The first SMA connection electomechanical latching, which is driven by the Z-World control board switches between V- and H-polarization sequentially. The SMA second latching which switches between the analog signal from the first switch and the reference load signal from a reference load resistor sends the analog signal to a isolator, where the signal within 6.4 to 7.2 GHz in radiofrequency are isolated. Then the central frequency is picked up by a 6.7 GHz bandpass filter, which also protects the amplifier to saturation. A Low Noise Amplifier (LNA) is used to eliminate the noise figure and adjust gain. A mixer takes the input from the LNA and a local oscillator to output a 1.4 GHz signal to STAR-Lite. After the Power Amplifier and Filtering Block (Star-Lite back-end), the signal is passed through a Square Law Detector and a Post-Detection Amplifier. UFCMR is equipped with a microcontroller that has responsibility for taking measurements, monitoring the thermal environment, and storing data until a download is requested. A labtop computer is used for running the user interface named FluxMon to communicate with the radiometer through Radiometer Control Language (RadiCL). The radiometer is configured to maintain a particular thermal set point, and make periodic measurements of the brightness at both polarizations sequentially and the reference load. The data collected by the radiometer is not calibrated within the instrument, since calibration errors could corrupt an otherwise useful dataset. Figure 8 shows the block diagram of UFCMR.

Figure 5. 

Block diagram of the UFCMR (De Roo, 2002).

[Click thumbnail to enlarge.]

4.2 Eddy Covariance System

A Campbell Scientific eddy covariance system borrowed from Dr. Jennifer Jacobs, University of New Hampshire was located at the southeast corner of the field also shown in Figure 3. The system included a CSAT3 anemometer and KH20 hygrometer. CSAT3 is a three dimensional sonic anemometer, which measures wind speed and the speed of sound on three nonorthogonal axes. Orthogonal wind speed and sonic temperature are computed from these measurements. KH20 measures the water vapor in the atmosphere. It output voltage is proportional to the water vapor density flux. Latent and sensible heat fluxes were measured every 30 minutes. The height of the eddy covariance system was 2.1 m from the ground and the orientation of the system was 209 toward southwest. Table 2 shows the list of specifications of the CSAT3. Data collected by the eddy covariance system have been corrected for coordinate rotation (Kaimal and Finnigan, 1994; Wilczak et al., 2001), WPL (Web et al., 1980), oxygen (van Dijk et al. 2003), and sonic temperature corrections (Schotanus et al. 1983). Figure A-2 shows the latent and sensible heat fluxes observed during MicroWEX-1.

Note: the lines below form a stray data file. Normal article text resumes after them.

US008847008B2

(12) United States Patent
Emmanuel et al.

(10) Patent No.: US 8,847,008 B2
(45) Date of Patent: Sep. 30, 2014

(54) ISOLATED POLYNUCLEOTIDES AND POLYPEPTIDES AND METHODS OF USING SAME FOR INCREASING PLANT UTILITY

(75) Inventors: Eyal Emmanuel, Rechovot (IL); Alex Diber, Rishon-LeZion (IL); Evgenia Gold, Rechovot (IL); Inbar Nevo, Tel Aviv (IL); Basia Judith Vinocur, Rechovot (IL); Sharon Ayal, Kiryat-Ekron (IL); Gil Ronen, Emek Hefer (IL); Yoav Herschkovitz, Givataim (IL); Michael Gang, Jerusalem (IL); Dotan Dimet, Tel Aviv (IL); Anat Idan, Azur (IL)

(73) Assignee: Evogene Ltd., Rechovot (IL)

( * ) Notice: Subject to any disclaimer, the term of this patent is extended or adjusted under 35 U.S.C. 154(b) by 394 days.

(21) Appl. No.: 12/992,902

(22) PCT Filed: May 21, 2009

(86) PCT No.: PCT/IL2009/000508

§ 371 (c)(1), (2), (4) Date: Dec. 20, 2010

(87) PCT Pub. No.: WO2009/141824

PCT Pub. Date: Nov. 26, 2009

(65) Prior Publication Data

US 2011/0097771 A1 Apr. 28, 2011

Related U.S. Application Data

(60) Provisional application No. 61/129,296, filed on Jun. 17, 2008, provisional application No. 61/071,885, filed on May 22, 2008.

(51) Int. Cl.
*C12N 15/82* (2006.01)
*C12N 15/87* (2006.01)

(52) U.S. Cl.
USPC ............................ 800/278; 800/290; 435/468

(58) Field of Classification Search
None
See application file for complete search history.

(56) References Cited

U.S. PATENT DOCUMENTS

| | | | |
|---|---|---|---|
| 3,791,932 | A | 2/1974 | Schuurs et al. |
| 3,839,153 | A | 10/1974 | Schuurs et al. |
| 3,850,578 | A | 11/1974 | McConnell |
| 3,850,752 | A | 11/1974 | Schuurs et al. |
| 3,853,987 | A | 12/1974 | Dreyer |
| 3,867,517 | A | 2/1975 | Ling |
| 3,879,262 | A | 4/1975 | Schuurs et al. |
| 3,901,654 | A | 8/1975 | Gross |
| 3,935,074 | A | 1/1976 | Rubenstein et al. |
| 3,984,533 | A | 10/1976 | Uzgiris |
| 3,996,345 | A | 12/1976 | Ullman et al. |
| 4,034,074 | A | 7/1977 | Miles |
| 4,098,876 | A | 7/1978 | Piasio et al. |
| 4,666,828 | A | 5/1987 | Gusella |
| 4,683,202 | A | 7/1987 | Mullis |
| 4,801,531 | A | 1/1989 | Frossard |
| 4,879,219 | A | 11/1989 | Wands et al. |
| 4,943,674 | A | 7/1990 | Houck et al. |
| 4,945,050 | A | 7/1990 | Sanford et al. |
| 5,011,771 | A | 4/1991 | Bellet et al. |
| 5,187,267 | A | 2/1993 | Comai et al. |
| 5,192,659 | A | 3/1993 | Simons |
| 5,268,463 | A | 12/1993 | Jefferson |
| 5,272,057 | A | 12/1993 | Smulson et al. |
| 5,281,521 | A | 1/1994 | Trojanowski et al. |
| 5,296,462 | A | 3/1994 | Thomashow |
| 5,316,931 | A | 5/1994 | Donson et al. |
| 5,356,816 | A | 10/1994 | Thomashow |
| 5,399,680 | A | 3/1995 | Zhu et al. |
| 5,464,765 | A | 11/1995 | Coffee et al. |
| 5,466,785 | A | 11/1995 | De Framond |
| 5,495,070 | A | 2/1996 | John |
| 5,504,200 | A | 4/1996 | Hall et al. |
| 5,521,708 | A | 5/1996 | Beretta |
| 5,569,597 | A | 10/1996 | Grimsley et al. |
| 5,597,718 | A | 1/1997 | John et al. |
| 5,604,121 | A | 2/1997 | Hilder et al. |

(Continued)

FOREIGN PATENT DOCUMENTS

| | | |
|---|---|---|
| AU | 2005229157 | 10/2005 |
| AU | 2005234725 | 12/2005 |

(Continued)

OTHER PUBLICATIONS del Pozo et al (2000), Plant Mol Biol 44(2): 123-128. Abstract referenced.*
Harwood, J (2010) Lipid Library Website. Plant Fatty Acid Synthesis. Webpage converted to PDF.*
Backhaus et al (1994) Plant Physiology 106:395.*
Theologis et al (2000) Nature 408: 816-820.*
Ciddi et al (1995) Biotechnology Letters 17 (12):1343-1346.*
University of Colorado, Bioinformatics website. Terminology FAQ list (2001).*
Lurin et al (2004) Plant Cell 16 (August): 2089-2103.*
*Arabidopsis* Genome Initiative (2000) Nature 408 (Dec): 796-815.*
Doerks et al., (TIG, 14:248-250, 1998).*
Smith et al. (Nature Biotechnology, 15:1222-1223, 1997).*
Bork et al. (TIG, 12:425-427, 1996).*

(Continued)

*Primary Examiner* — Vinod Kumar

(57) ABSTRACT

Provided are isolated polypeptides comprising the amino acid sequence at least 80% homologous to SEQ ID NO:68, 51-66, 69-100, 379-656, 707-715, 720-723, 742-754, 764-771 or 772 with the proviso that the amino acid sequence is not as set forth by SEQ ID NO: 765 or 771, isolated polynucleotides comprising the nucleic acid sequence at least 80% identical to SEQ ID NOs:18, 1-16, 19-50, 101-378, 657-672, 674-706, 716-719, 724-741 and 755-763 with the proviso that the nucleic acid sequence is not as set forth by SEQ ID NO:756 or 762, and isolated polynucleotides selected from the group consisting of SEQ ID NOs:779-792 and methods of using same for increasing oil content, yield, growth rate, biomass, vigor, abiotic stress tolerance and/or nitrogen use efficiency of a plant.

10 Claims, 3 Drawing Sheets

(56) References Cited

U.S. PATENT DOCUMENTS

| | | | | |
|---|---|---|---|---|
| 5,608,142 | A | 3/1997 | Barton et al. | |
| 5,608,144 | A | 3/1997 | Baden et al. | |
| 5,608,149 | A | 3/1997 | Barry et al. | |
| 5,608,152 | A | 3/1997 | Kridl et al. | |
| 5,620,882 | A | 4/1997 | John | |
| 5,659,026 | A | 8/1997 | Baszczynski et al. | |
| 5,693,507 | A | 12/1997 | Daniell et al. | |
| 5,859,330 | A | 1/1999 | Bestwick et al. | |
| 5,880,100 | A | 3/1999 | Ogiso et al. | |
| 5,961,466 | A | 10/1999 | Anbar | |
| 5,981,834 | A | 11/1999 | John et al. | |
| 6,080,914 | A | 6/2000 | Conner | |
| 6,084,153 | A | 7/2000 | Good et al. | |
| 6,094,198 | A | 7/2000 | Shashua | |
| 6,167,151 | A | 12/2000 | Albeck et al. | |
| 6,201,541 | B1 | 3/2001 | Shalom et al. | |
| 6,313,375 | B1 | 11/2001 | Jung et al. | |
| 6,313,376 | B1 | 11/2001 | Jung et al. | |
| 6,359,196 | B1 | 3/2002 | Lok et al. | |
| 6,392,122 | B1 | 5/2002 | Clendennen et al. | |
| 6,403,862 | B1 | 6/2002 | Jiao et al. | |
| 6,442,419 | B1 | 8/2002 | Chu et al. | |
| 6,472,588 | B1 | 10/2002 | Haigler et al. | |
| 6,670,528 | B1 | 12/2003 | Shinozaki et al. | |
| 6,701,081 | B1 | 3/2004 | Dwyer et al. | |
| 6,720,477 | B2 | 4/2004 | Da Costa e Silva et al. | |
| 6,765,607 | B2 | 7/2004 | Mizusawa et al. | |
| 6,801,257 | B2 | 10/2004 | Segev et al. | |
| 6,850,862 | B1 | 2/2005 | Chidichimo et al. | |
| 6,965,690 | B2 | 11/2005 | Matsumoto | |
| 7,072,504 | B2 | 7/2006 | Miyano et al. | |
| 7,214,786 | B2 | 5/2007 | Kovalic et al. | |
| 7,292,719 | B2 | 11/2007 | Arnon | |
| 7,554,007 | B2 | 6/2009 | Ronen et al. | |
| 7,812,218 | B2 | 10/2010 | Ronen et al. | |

Figure 6. 

Eddy covariance system.


Calvin Tien, UF/IFAS

[Click thumbnail to enlarge.]

4.3 Net Radiometer

A Kipp and Zonen CNR-1 four-component net radiometer (Figure 7) was located at the center of the field to measure up- and down-welling short- and long-wave infrared radiation. The sensor consists of two pyranometers (CM-3) and two pyrgeometers (CG-3). The sensor was installed at the height of 2.5 m above ground and facing south. Table 3 shows s the list of specifications of the CNR-1 net radiometer. Figure A-3 shows the up- and down-welling solar (shortwave) wave radiation observed during MicroWEX-1. Figure A-4 shows the up- and down-welling far infrared (longwave) radiation observedduringMicroWEX-1. Figure A-5 shows the net total radiation observed during MicrWEX-1. Figure A-6 shows the solar albedo observed during MicroWEX-1.

Figure 7. 

CNR-1 net radiometer.


Calvin Tien, UF/IFAS

[Click thumbnail to enlarge.]

4.4 Thermal Infrared Sensor

An Everest Interscience thermal infrared sensor (4000.3ZL) was collocated with the net radiometer to observe skin temperature at nadir. The sensor was installed at the height of 2.5 m. With the sensor field of view of 15°, the size of the footprint for the thermal infrared sensor was 66 cm x 66 cm. Figure A-7 shows the surface thermal infrared temperature observed during MicroWEX-1.

4.5 Soil Moisture and Temperature Probe